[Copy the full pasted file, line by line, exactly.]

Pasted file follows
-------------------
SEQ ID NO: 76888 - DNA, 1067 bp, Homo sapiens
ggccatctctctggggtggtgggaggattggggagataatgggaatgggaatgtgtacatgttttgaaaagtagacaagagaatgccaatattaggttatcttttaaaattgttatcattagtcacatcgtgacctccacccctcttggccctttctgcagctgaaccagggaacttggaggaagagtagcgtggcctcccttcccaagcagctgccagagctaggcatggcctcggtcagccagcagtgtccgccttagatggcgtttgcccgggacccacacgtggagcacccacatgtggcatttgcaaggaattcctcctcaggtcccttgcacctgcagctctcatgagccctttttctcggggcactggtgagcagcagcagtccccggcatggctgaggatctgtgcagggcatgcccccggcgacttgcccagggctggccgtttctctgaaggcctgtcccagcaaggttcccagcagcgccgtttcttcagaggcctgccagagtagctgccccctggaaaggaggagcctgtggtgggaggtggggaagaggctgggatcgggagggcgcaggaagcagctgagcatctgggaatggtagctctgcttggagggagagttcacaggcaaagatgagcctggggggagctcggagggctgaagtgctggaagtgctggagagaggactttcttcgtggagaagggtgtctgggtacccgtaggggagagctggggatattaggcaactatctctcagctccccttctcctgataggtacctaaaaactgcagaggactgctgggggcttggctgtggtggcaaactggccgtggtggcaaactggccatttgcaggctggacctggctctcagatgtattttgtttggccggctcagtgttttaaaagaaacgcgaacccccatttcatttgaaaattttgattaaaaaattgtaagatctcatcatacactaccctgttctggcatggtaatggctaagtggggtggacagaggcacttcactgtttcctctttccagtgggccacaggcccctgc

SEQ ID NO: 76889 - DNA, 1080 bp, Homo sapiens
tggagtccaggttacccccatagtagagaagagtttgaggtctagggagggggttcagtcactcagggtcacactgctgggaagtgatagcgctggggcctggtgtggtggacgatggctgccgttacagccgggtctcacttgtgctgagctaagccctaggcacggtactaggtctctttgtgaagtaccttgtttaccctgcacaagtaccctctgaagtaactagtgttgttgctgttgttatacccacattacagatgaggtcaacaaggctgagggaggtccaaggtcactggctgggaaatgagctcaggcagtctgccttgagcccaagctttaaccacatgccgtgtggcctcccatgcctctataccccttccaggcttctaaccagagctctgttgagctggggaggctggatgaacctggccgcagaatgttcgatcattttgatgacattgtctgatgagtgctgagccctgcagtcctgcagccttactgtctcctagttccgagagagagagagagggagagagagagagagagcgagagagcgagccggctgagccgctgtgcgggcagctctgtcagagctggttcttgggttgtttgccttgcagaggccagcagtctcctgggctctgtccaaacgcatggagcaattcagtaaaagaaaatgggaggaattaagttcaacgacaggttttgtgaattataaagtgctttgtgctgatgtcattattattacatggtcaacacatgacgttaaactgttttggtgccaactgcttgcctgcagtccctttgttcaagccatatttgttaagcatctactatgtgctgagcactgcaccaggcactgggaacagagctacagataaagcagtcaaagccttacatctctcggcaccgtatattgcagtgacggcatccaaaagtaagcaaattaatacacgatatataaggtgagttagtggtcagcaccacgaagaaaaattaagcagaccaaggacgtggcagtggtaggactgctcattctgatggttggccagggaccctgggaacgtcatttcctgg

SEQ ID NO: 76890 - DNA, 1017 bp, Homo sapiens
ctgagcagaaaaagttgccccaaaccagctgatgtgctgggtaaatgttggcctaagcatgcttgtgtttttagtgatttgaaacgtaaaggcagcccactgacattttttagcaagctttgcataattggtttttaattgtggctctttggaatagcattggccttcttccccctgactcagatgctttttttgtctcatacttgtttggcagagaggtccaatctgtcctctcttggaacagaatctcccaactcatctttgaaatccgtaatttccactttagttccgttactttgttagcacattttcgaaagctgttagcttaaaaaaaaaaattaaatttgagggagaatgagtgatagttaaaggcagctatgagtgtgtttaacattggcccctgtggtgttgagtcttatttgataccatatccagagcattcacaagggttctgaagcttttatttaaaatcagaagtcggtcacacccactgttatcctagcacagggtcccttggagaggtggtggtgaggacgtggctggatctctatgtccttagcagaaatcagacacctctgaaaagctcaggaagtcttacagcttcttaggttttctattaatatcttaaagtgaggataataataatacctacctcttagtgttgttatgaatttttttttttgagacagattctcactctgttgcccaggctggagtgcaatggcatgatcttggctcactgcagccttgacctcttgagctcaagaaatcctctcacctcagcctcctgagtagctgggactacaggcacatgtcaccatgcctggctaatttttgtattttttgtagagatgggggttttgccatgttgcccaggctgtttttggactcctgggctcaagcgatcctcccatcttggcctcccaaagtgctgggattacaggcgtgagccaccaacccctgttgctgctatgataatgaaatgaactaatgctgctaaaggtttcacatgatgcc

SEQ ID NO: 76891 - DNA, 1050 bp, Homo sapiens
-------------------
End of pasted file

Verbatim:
SEQ ID NO: 76888 - DNA, 1067 bp, Homo sapiens
ggccatctctctggggtggtgggaggattggggagataatgggaatgggaatgtgtacatgttttgaaaagtagacaagagaatgccaatattaggttatcttttaaaattgttatcattagtcacatcgtgacctccacccctcttggccctttctgcagctgaaccagggaacttggaggaagagtagcgtggcctcccttcccaagcagctgccagagctaggcatggcctcggtcagccagcagtgtccgccttagatggcgtttgcccgggacccacacgtggagcacccacatgtggcatttgcaaggaattcctcctcaggtcccttgcacctgcagctctcatgagccctttttctcggggcactggtgagcagcagcagtccccggcatggctgaggatctgtgcagggcatgcccccggcgacttgcccagggctggccgtttctctgaaggcctgtcccagcaaggttcccagcagcgccgtttcttcagaggcctgccagagtagctgccccctggaaaggaggagcctgtggtgggaggtggggaagaggctgggatcgggagggcgcaggaagcagctgagcatctgggaatggtagctctgcttggagggagagttcacaggcaaagatgagcctggggggagctcggagggctgaagtgctggaagtgctggagagaggactttcttcgtggagaagggtgtctgggtacccgtaggggagagctggggatattaggcaactatctctcagctccccttctcctgataggtacctaaaaactgcagaggactgctgggggcttggctgtggtggcaaactggccgtggtggcaaactggccatttgcaggctggacctggctctcagatgtattttgtttggccggctcagtgttttaaaagaaacgcgaacccccatttcatttgaaaattttgattaaaaaattgtaagatctcatcatacactaccctgttctggcatggtaatggctaagtggggtggacagaggcacttcactgtttcctctttccagtgggccacaggcccctgc

SEQ ID NO: 76889 - DNA, 1080 bp, Homo sapiens
tggagtccaggttacccccatagtagagaagagtttgaggtctagggagggggttcagtcactcagggtcacactgctgggaagtgatagcgctggggcctggtgtggtggacgatggctgccgttacagccgggtctcacttgtgctgagctaagccctaggcacggtactaggtctctttgtgaagtaccttgtttaccctgcacaagtaccctctgaagtaactagtgttgttgctgttgttatacccacattacagatgaggtcaacaaggctgagggaggtccaaggtcactggctgggaaatgagctcaggcagtctgccttgagcccaagctttaaccacatgccgtgtggcctcccatgcctctataccccttccaggcttctaaccagagctctgttgagctggggaggctggatgaacctggccgcagaatgttcgatcattttgatgacattgtctgatgagtgctgagccctgcagtcctgcagccttactgtctcctagttccgagagagagagagagggagagagagagagagagcgagagagcgagccggctgagccgctgtgcgggcagctctgtcagagctggttcttgggttgtttgccttgcagaggccagcagtctcctgggctctgtccaaacgcatggagcaattcagtaaaagaaaatgggaggaattaagttcaacgacaggttttgtgaattataaagtgctttgtgctgatgtcattattattacatggtcaacacatgacgttaaactgttttggtgccaactgcttgcctgcagtccctttgttcaagccatatttgttaagcatctactatgtgctgagcactgcaccaggcactgggaacagagctacagataaagcagtcaaagccttacatctctcggcaccgtatattgcagtgacggcatccaaaagtaagcaaattaatacacgatatataaggtgagttagtggtcagcaccacgaagaaaaattaagcagaccaaggacgtggcagtggtaggactgctcattctgatggttggccagggaccctgggaacgtcatttcctgg

SEQ ID NO: 76890 - DNA, 1017 bp, Homo sapiens
ctgagcagaaaaagttgccccaaaccagctgatgtgctgggtaaatgttggcctaagcatgcttgtgtttttagtgatttgaaacgtaaaggcagcccactgacattttttagcaagctttgcataattggtttttaattgtggctctttggaatagcattggccttcttccccctgactcagatgctttttttgtctcatacttgtttggcagagaggtccaatctgtcctctcttggaacagaatctcccaactcatctttgaaatccgtaatttccactttagttccgttactttgttagcacattttcgaaagctgttagcttaaaaaaaaaaattaaatttgagggagaatgagtgatagttaaaggcagctatgagtgtgtttaacattggcccctgtggtgttgagtcttatttgataccatatccagagcattcacaagggttctgaagcttttatttaaaatcagaagtcggtcacacccactgttatcctagcacagggtcccttggagaggtggtggtgaggacgtggctggatctctatgtccttagcagaaatcagacacctctgaaaagctcaggaagtcttacagcttcttaggttttctattaatatcttaaagtgaggataataataatacctacctcttagtgttgttatgaatttttttttttgagacagattctcactctgttgcccaggctggagtgcaatggcatgatcttggctcactgcagccttgacctcttgagctcaagaaatcctctcacctcagcctcctgagtagctgggactacaggcacatgtcaccatgcctggctaatttttgtattttttgtagagatgggggttttgccatgttgcccaggctgtttttggactcctgggctcaagcgatcctcccatcttggcctcccaaagtgctgggattacaggcgtgagccaccaacccctgttgctgctatgataatgaaatgaactaatgctgctaaaggtttcacatgatgcc

SEQ ID NO: 76891 - DNA, 1050 bp, Homo sapiens